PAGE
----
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Maharashtra is the most friendly farmer state in the Country: NITI Aayog

Press Trust of India
posted on 3rd November 2016
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Maharashtra has been adjudged the most farmer friendly state in the country followed by Gujarat and Rajasthan, according to NITI Aayog's index on reforms in the farm sector.

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In a first of its kind of exercise, NITI Aayog has prepared 'Agriculture Marketing and Farmer Friendly Reforms Index' based on initiatives taken by the states in implementing farm sector reforms.

The state of Maharashtra achieves first rank in implementation of various reforms. The state has implemented most of the marketing reforms and it offers best environment for doing agribusiness among all the states and UTs, an official statement said.

It further said that almost 20 out of 29 states, including West Bengal, Uttar Pradesh, Punjab, Assam, Jharkhand, Tamil Nadu and J&K, have done poorly with regard to agri-sector reforms. As per the states' score in the Index, Madhya Pradesh ranked fourth, followed by Haryana, Himachal Pradesh, Andhra Pradesh, Karnataka, Telangana, Goa and Chattisgarh.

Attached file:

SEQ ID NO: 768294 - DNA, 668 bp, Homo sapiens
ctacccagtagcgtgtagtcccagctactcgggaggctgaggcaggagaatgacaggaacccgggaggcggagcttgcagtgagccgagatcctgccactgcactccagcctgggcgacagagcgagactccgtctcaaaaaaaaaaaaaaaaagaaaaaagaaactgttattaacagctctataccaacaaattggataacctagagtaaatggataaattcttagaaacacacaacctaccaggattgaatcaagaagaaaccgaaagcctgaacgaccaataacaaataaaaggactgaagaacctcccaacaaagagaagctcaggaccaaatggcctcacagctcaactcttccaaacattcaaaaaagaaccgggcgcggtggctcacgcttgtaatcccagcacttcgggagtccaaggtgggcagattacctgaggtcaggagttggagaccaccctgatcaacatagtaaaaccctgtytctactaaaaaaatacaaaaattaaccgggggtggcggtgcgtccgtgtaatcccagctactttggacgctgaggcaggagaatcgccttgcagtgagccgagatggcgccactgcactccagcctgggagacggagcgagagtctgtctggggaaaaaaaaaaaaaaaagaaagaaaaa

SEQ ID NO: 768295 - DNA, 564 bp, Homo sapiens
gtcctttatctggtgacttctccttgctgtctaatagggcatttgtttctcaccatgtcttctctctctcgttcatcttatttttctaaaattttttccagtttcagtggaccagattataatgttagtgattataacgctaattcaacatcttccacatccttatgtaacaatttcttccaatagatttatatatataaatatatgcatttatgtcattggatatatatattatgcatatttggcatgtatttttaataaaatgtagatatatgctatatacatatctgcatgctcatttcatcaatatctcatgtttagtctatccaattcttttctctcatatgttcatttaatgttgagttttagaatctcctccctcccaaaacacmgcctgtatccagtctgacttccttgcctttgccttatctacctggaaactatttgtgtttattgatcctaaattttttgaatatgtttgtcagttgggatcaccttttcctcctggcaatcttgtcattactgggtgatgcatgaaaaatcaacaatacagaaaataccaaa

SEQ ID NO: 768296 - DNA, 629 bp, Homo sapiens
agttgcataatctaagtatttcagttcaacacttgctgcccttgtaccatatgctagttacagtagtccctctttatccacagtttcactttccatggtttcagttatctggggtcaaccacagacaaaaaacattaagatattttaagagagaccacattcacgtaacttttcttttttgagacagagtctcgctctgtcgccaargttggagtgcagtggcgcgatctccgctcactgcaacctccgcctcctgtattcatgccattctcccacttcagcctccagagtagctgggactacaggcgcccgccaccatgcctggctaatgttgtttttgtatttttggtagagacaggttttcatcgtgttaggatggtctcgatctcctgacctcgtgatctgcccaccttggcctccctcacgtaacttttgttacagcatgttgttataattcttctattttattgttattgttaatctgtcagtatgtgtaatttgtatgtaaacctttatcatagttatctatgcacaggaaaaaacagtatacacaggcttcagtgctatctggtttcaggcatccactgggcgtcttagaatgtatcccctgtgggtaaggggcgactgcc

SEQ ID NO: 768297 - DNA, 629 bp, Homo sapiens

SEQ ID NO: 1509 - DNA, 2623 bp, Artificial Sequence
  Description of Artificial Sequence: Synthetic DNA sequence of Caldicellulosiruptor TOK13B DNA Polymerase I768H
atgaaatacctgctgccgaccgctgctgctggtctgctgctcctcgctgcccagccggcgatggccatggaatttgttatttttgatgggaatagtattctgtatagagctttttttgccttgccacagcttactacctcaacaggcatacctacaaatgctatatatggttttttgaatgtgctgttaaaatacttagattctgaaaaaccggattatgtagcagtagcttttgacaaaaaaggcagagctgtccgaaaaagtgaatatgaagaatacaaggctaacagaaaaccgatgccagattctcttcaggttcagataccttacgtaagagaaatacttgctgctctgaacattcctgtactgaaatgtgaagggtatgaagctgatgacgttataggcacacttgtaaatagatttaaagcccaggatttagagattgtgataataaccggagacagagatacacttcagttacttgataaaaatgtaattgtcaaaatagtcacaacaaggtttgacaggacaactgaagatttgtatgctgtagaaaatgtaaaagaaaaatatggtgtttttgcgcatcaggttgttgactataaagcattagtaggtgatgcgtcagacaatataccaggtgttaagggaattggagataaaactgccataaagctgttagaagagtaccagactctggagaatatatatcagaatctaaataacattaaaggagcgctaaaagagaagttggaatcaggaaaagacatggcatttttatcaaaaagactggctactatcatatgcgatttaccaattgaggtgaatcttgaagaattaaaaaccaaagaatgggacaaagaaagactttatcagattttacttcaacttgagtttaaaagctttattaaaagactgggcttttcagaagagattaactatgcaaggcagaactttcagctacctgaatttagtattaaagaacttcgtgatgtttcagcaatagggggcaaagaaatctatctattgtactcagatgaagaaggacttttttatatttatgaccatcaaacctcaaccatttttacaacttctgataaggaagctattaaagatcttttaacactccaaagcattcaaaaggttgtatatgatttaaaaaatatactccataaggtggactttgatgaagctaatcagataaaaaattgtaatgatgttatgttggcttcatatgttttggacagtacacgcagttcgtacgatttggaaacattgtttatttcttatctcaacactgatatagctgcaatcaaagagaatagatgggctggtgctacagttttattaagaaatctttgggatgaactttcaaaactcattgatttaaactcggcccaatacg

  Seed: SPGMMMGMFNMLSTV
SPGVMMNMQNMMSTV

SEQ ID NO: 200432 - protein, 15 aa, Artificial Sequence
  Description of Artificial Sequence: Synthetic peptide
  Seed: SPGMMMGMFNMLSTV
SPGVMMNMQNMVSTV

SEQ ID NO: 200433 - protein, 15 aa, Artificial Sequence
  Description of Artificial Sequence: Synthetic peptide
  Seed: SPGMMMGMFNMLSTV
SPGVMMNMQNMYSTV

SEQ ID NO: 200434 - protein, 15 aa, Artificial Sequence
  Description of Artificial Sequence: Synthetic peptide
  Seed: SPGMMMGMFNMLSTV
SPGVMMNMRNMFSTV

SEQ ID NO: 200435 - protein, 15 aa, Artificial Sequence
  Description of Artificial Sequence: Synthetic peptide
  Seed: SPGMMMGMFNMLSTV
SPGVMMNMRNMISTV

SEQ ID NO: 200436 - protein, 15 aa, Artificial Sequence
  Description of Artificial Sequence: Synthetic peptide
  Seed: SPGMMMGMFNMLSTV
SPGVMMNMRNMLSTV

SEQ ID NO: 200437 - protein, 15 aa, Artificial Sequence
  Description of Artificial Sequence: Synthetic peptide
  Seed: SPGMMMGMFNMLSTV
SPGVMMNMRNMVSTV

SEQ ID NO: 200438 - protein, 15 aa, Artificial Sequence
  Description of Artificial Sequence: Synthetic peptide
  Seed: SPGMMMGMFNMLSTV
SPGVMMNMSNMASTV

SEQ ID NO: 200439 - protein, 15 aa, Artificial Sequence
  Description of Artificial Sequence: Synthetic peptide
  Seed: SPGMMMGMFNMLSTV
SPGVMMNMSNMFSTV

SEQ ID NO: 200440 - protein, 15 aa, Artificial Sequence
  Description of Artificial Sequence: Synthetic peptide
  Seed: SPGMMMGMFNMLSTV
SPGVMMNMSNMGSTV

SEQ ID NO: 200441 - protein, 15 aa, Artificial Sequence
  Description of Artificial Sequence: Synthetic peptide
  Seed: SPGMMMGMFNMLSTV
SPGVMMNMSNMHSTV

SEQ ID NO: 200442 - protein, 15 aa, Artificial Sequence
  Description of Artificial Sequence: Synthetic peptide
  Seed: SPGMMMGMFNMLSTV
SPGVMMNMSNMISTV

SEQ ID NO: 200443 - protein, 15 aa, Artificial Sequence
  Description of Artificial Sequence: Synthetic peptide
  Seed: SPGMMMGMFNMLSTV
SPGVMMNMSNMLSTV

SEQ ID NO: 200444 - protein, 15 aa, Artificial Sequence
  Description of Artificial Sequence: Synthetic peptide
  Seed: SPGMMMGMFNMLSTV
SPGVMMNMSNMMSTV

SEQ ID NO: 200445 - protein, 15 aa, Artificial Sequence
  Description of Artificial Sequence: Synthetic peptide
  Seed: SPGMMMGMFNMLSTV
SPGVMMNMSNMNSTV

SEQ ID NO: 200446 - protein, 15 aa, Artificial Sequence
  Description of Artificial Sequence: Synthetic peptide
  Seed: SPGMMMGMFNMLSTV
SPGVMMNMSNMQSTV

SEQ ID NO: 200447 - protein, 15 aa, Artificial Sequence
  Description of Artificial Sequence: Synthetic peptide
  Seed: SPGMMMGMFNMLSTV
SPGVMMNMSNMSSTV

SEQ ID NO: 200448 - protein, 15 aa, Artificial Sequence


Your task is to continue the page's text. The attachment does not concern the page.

Also read : The truth behind the terrible trend of farmer suicides in India


The Index is aimed at helping the states to identify and address problems in the farm sector, which suffer from low growth, low farm income and agrarian distress. The areas identified for action by NITI Aayog with a view to double farm income include agriculture market reforms, land lease reform, and reforms related to forestry on private land.

Detailed study of the reforms in various states and UTs show that reforms have remained patchy, partial, sporadic and implemented in very diluted form, the statement added.

Considering how, farm suicides have been steadily increasing over the years. On an average, around 15,400 farmers ended their lives each year between 1995 and 2003. This number increased to more than 16,000 between 2004 and 2012. This comes as a huge support to the farmers based out of Maharashtra.

Successive governments have focused more on control rather than prevention. It will take more than short-term measures and disproportionately implemented programmes to wade through the crisis. The wave of farmer suicides that hit Marathwada last year could have been avoided if there was a proper irrigation system, weather forecast information, competent crop insurance and buffer stocks in cold storage facilities to distribute to the families in their time of need.

A concrete reorientation of policy is crucial to stopping this depressing trend. Farmers in the country are desperate for help. But taking their lives isn’t the answer, a nationwide farmer movement to demand for reform is. A revolution saved agriculture once, it can again.

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